South Windham: Mill deal in peril

A long-discussed mill redevelopment project in South Windham may be destined for the scrap heap.

Portland-based Hardypond Construction, the contractor behind the project at a former mill on the Presumpscot River, is unlikely to pursue the proposed development without tax-increment financing, project manager Bob Gaudreau said after the Windham Town Council on Tuesday rejected a request for a proposed TIF that would have helped finance the work.

Councilors David Nadeau and Thomas Gleason voted in favor of the tax-increment financing, but the other five councilors were opposed.

The proposal would have renovated the Mallison Falls mill building into more than 100 apartment units for “workforce” housing, according to Gaudreau. The work at the old industrial mill, which will need environmental cleanup, as well as electrical and sewer work to be considered viable for reuse, is not a financial risk many other developers would be willing to take on, Gaudreau said.

Tax-increment financing is a public financing method used to help fund projects in places where attracting development may otherwise be difficult.

“To see the council deny the project is very disappointing,” said Gaudreau, especially after nearly three years of working on the project.

The town had approved a contract zone to allow for increased density at the mill last June, and applied for a Community Block Development Grant to fund cleanup at the site in January.

Tom Bartell, the town’s economic development director, said redeveloping a mill such as Mallison Falls “requires multiple funding sources.”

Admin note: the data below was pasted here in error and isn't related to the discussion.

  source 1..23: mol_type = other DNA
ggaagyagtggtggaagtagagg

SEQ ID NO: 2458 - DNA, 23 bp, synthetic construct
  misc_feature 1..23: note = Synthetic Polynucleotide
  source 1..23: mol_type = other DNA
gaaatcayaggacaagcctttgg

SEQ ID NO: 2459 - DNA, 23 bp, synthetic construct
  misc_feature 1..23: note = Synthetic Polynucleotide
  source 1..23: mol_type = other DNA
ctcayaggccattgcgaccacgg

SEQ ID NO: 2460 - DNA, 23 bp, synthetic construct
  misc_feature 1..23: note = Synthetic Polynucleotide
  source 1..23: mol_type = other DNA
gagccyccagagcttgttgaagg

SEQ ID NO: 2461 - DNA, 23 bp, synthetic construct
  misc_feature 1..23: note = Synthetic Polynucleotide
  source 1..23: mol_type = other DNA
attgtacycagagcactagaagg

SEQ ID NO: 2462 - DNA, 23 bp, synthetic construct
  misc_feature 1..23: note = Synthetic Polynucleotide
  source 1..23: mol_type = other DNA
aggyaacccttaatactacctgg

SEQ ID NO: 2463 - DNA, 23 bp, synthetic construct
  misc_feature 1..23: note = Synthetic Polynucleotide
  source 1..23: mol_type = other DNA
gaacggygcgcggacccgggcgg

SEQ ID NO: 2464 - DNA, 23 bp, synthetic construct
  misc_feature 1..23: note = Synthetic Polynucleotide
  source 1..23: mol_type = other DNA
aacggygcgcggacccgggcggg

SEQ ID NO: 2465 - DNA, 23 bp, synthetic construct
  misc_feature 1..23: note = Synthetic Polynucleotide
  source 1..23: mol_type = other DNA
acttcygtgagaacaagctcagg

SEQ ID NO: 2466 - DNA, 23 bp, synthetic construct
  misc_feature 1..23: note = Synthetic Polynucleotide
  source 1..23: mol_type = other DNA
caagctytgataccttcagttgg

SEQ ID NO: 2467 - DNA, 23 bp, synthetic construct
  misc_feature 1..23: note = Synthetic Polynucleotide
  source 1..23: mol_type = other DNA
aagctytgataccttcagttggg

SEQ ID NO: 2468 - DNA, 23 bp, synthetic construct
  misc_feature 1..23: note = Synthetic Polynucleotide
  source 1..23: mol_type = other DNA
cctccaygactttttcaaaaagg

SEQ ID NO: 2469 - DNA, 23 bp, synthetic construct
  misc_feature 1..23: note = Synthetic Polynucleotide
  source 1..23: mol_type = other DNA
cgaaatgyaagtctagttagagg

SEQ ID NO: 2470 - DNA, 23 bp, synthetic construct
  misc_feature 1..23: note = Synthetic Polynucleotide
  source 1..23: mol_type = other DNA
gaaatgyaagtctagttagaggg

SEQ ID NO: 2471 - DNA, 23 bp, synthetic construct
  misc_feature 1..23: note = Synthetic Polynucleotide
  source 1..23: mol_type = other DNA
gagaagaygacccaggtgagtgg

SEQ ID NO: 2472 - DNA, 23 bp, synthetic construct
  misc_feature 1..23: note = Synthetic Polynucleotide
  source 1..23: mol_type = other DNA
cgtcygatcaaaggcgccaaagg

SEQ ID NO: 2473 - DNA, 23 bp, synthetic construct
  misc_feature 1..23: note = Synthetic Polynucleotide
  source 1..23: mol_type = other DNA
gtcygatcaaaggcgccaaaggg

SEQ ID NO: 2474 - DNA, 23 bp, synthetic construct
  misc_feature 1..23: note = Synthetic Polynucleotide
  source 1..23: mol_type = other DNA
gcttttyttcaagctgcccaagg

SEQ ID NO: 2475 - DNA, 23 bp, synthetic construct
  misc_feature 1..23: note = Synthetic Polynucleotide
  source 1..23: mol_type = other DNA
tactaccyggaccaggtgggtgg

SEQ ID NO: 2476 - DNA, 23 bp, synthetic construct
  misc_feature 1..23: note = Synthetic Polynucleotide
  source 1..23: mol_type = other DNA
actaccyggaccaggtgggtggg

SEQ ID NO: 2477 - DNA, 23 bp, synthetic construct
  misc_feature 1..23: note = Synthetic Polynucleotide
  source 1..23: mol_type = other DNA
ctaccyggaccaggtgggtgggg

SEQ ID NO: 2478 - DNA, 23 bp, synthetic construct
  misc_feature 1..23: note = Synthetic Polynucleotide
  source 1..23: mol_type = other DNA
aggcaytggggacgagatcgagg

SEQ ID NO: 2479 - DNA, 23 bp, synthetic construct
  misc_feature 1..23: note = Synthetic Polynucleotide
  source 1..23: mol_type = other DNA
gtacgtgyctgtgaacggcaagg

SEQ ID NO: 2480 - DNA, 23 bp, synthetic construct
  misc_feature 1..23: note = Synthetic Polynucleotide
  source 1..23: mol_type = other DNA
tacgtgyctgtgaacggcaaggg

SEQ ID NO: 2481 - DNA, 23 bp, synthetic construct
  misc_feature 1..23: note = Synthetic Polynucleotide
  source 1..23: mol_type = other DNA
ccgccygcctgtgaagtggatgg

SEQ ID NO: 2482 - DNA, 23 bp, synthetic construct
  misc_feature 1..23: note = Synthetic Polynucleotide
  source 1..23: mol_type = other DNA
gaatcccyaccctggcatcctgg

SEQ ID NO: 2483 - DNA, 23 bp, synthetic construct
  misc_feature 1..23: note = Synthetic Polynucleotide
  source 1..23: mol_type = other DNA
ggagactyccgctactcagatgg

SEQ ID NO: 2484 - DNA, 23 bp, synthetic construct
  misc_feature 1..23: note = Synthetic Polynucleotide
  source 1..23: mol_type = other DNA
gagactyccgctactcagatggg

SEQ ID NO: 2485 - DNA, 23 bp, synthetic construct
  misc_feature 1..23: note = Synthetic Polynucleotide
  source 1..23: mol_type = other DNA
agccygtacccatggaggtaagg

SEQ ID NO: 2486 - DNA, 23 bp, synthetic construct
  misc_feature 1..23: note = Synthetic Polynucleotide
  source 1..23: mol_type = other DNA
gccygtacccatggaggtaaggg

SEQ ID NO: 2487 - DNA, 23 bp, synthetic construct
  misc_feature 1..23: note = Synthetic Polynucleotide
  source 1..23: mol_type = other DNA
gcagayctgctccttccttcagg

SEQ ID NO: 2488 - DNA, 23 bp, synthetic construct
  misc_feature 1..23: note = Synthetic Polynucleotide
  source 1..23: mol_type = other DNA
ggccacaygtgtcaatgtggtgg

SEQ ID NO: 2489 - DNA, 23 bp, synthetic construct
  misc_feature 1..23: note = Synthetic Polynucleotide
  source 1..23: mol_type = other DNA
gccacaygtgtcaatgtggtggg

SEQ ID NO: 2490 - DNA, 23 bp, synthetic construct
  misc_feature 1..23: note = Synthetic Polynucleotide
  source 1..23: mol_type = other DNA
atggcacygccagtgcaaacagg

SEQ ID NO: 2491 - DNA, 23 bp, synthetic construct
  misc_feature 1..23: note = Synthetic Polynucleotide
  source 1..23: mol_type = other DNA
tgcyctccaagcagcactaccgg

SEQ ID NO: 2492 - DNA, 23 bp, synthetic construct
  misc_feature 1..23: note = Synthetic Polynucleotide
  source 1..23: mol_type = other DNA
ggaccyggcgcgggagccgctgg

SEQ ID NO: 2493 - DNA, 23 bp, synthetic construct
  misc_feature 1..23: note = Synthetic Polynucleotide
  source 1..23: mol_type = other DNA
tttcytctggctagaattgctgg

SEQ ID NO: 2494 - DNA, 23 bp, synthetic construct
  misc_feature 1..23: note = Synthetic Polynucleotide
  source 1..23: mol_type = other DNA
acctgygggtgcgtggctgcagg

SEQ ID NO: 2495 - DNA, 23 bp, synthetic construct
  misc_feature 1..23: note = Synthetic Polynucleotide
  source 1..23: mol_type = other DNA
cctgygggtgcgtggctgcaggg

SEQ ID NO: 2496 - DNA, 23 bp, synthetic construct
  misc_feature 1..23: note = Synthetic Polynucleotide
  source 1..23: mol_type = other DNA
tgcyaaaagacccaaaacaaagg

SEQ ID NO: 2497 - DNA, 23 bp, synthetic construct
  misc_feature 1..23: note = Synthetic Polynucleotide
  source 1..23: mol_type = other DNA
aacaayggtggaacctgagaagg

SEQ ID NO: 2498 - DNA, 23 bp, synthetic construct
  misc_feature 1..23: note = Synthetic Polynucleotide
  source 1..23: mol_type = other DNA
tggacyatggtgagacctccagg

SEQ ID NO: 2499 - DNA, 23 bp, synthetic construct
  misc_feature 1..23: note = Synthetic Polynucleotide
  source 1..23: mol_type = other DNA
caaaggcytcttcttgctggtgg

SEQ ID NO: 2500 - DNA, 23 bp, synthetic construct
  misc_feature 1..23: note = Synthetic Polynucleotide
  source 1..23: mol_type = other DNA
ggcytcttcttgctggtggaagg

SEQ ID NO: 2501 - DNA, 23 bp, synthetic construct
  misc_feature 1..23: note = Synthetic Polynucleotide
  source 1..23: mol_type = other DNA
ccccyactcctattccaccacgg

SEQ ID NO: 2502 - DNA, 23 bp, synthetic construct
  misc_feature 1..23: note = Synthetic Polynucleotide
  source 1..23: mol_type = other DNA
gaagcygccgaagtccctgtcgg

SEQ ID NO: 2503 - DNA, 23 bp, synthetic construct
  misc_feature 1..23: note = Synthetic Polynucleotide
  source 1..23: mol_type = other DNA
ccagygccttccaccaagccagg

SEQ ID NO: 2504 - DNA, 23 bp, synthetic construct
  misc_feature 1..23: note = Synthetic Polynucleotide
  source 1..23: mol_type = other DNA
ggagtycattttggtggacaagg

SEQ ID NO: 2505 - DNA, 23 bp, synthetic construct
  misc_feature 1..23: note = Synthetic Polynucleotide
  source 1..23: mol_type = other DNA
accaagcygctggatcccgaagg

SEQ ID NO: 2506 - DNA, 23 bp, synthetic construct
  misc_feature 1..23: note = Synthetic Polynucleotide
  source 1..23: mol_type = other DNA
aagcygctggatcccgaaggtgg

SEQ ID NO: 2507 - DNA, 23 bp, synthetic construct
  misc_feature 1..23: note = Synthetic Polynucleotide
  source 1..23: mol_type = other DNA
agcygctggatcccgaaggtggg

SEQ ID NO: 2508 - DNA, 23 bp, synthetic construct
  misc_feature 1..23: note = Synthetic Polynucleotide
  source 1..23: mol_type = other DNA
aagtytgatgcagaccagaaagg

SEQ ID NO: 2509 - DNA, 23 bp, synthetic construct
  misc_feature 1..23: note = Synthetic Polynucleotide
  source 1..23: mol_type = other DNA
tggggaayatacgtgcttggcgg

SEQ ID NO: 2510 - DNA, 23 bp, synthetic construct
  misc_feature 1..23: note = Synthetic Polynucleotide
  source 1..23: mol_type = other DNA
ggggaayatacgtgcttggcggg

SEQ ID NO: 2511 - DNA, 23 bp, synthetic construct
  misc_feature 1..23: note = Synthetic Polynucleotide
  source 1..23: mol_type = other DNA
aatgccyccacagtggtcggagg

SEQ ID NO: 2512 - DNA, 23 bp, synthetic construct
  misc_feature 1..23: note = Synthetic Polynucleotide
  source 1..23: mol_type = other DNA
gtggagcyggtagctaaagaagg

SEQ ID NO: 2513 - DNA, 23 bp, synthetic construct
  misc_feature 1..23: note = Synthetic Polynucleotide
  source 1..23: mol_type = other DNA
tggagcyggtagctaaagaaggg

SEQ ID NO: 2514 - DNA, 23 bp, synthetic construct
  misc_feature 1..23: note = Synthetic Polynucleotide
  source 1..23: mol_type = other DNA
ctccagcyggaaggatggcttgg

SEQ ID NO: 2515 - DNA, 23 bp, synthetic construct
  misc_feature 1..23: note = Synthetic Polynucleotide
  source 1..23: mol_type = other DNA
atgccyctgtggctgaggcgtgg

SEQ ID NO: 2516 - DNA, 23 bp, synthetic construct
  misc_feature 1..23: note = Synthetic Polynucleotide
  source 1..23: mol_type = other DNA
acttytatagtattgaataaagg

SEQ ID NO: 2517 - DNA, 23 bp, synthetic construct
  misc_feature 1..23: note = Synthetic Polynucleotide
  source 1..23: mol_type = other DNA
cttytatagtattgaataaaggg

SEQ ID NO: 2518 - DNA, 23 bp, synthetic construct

Redeveloping an old mill, Bartell said, is unlike building a house on land that is clean and ready for building.

“There are many issues that need to be addressed,” Bartell said, referencing electrical, water, sewer and traffic issues at the site.

“All these issues need to be figured out before anything can be done in that facility,” he said.

The style of housing, which would have been targeted to young professionals, is important for community development, he said.

Bartell said he was “incredibly disappointed” the project did not pass. He said the town has no other plans for the mill building.

Gleason urged the council to support the proposal, saying otherwise the mill may remain vacant for decades.

Councilor Robert Muir said he opposed the proposal because it was not a good deal for the Windham taxpayer.

“I’m not as concerned the mill is going to sit,” Muir said.

Prior to the vote, state Rep. Patrick Corey, a resident of South Windham, spoke against the proposal, citing surveys that suggest affordable housing is not considered a priority among Windham residents.

The council should not “expect Windham taxpayers to foot the bill for a project that is not a priority for them,” Corey said.

In a much shorter discussion, the Town Council unanimously approved Hardypond Construction’s bid for $1,007,366 to renovate the former Maine Cedar Log Homes into the new South Windham Fire Station. The expenditure was approved by voters last year.